The Rev. Samuel Havermale was a Methodist preacher, adventurer and businessman. He was born in Maryland in 1824 and educated in Ohio and Illinois. He married Elizabeth Goldthrop in 1849, and after 24 years as a pastor in Illinois, the couple accepted a transfer to Walla Walla in the Washington Territory.
While riding to Colville on a visit, the preacher stopped and gave a sermon in the tiny settlement of Spokan Falls in May 1875. He fell in love with the waterfalls and prairie lands around them.
In November of that year, Havermale moved his family to Spokan Falls – the original spelling – and filed a homestead claim on 120 acres that included the islands in the middle of the Spokane River, where he intended to live. The Havermale family was one of the first five white families in the town.
In the spring of 1877, the few dozen residents of the town by the falls heard that the Nez Perce Tribe was preparing for battle. The nearby Indian tribes had been brutally defeated by the U.S. Army at Four Lakes, near Cheney, in 1858. And after the Army slaughtered the horses of the Spokane, Coeur d’Alene and Palouse tribes, the settlers were mostly left alone.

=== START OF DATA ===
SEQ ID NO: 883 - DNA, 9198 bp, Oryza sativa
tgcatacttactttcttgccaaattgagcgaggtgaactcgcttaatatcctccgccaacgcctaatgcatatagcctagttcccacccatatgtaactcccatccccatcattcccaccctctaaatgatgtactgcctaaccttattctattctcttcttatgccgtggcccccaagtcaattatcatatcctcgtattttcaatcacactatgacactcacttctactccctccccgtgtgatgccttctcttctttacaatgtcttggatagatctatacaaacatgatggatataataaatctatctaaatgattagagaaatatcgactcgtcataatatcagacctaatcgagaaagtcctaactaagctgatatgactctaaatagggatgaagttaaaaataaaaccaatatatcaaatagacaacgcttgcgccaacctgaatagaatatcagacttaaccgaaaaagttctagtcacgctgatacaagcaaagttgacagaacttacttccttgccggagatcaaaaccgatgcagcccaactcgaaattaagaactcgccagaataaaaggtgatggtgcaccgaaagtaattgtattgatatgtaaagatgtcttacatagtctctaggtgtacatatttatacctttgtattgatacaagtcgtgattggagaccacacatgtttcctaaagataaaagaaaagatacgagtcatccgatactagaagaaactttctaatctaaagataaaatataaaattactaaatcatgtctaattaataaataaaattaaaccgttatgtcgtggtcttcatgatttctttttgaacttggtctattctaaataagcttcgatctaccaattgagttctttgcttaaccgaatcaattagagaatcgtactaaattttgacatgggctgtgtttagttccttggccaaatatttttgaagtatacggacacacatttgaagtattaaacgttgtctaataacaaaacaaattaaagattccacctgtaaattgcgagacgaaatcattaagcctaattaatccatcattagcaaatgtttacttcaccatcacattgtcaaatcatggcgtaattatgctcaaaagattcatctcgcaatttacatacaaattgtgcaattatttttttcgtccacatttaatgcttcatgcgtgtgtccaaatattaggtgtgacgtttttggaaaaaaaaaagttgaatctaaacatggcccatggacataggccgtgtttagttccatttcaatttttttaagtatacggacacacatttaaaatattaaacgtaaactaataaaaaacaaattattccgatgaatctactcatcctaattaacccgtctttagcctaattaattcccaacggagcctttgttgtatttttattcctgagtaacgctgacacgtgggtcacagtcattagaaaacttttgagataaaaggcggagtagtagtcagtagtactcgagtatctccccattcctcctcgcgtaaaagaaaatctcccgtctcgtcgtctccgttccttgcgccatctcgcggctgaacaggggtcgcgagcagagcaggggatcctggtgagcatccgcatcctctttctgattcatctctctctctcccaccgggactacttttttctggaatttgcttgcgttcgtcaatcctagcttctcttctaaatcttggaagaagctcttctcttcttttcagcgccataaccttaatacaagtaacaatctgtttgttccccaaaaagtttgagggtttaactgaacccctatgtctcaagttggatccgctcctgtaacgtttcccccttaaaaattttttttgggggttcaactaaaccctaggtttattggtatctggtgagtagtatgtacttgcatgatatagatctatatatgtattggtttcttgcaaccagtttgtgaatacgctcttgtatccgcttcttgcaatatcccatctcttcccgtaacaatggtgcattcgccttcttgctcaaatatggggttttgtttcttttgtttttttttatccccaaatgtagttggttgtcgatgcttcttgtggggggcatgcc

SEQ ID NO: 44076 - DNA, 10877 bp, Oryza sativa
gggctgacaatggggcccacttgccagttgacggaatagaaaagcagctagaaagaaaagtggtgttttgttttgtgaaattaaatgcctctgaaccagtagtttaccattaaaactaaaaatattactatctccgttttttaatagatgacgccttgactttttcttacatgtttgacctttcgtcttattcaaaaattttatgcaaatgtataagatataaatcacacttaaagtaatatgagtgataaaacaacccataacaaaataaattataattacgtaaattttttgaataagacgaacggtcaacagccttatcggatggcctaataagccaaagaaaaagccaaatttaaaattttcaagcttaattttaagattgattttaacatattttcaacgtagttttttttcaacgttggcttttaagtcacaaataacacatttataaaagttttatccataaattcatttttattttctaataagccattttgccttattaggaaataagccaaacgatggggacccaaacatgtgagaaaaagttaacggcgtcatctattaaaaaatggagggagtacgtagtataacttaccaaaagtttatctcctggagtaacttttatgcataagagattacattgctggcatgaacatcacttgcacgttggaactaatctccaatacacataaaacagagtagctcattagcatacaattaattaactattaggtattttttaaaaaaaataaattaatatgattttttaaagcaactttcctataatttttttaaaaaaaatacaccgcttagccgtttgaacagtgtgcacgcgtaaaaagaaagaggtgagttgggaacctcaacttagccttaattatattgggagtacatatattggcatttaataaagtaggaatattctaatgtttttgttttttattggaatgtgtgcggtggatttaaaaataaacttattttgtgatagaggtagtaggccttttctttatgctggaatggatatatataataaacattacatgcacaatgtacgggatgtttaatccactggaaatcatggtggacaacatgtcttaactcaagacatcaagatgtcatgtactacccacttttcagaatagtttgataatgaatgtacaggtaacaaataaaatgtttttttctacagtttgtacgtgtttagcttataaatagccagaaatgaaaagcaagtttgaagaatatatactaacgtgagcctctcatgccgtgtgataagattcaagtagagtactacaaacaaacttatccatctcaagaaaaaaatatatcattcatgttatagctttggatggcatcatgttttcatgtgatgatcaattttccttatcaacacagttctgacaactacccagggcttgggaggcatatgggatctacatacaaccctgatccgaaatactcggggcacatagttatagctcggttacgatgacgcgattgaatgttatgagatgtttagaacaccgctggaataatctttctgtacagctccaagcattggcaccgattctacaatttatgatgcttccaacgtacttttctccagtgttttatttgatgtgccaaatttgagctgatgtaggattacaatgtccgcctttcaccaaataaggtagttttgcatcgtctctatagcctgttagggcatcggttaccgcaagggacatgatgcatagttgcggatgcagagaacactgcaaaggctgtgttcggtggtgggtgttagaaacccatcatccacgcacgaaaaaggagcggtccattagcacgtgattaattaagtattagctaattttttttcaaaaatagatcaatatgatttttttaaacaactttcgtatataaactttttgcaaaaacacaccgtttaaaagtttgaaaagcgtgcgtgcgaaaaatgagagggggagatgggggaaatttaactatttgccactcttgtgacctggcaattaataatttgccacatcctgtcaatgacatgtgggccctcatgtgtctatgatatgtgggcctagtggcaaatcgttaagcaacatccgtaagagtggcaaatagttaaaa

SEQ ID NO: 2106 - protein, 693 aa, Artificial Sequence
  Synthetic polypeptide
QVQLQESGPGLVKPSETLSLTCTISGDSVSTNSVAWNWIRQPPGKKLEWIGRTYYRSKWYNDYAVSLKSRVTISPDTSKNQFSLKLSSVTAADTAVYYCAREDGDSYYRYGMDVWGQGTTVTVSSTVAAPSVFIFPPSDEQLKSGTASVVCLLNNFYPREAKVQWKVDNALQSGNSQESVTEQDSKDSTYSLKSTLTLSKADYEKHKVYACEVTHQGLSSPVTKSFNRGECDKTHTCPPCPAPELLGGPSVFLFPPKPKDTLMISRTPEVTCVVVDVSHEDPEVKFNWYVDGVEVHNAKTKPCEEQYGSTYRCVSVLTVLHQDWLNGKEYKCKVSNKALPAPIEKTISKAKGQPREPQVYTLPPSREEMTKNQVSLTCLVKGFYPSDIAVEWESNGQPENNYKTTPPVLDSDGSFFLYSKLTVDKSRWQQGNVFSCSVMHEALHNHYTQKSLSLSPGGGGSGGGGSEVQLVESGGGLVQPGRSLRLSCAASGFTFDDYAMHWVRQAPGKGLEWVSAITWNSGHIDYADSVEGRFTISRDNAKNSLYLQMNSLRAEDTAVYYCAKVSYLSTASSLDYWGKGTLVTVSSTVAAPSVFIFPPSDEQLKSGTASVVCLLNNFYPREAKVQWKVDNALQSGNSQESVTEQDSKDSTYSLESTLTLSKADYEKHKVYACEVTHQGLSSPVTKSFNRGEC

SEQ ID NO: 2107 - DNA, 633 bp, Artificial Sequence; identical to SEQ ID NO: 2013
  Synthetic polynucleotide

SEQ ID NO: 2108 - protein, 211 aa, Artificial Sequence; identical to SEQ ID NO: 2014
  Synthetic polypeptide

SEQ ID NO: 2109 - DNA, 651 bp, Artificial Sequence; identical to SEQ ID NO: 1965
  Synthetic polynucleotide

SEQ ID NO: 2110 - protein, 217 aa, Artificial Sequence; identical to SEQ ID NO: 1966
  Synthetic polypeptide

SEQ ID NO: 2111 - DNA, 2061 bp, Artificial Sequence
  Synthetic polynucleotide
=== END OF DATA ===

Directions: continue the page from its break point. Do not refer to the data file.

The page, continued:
But the Nez Perce had killed settlers in the Salmon River area of Idaho and were still sending out raiding parties. The Spokane settlers were afraid some of the local tribes might join a raiding party. So everyone in Spokan Falls fell back to Havermale’s island, where the wooden bridge over the river’s south channel was the only access. Other frontier families sought refuge there and a contingent of soldiers camped nearby. But no direct attack ever came. Other Army units were sent after Chief Joseph and his Nez Perce warriors in the Bitterroot Mountains that fall.
After the “Indian peril” faded, Havermale built Spokane’s first Methodist church in 1879 at the corner of Sprague and Washington. He preached there for a couple of years, then left the pulpit and built a flour mill, which eventually would grind hundreds of barrels a day. The former minister was on the first city council in 1881.
Havermale also sold his real estate on the island. Some of the land went to the Great Northern railroad, which first crossed the island in the 1890s to stop at James J. Hill’s Great Northern depot. Havermale’s land became warehouses, factories and garages from the time of the first railroad tracks until all was removed for Expo ’74.
The legacy of heavy industry on the island has been in the news recently. The committee overseeing the Riverfront Park redesign will try to tap state funds to clean up soils throughout the park that may carry pollution from the former businesses.
Havermale died in 1904.
– Jesse Tinsley
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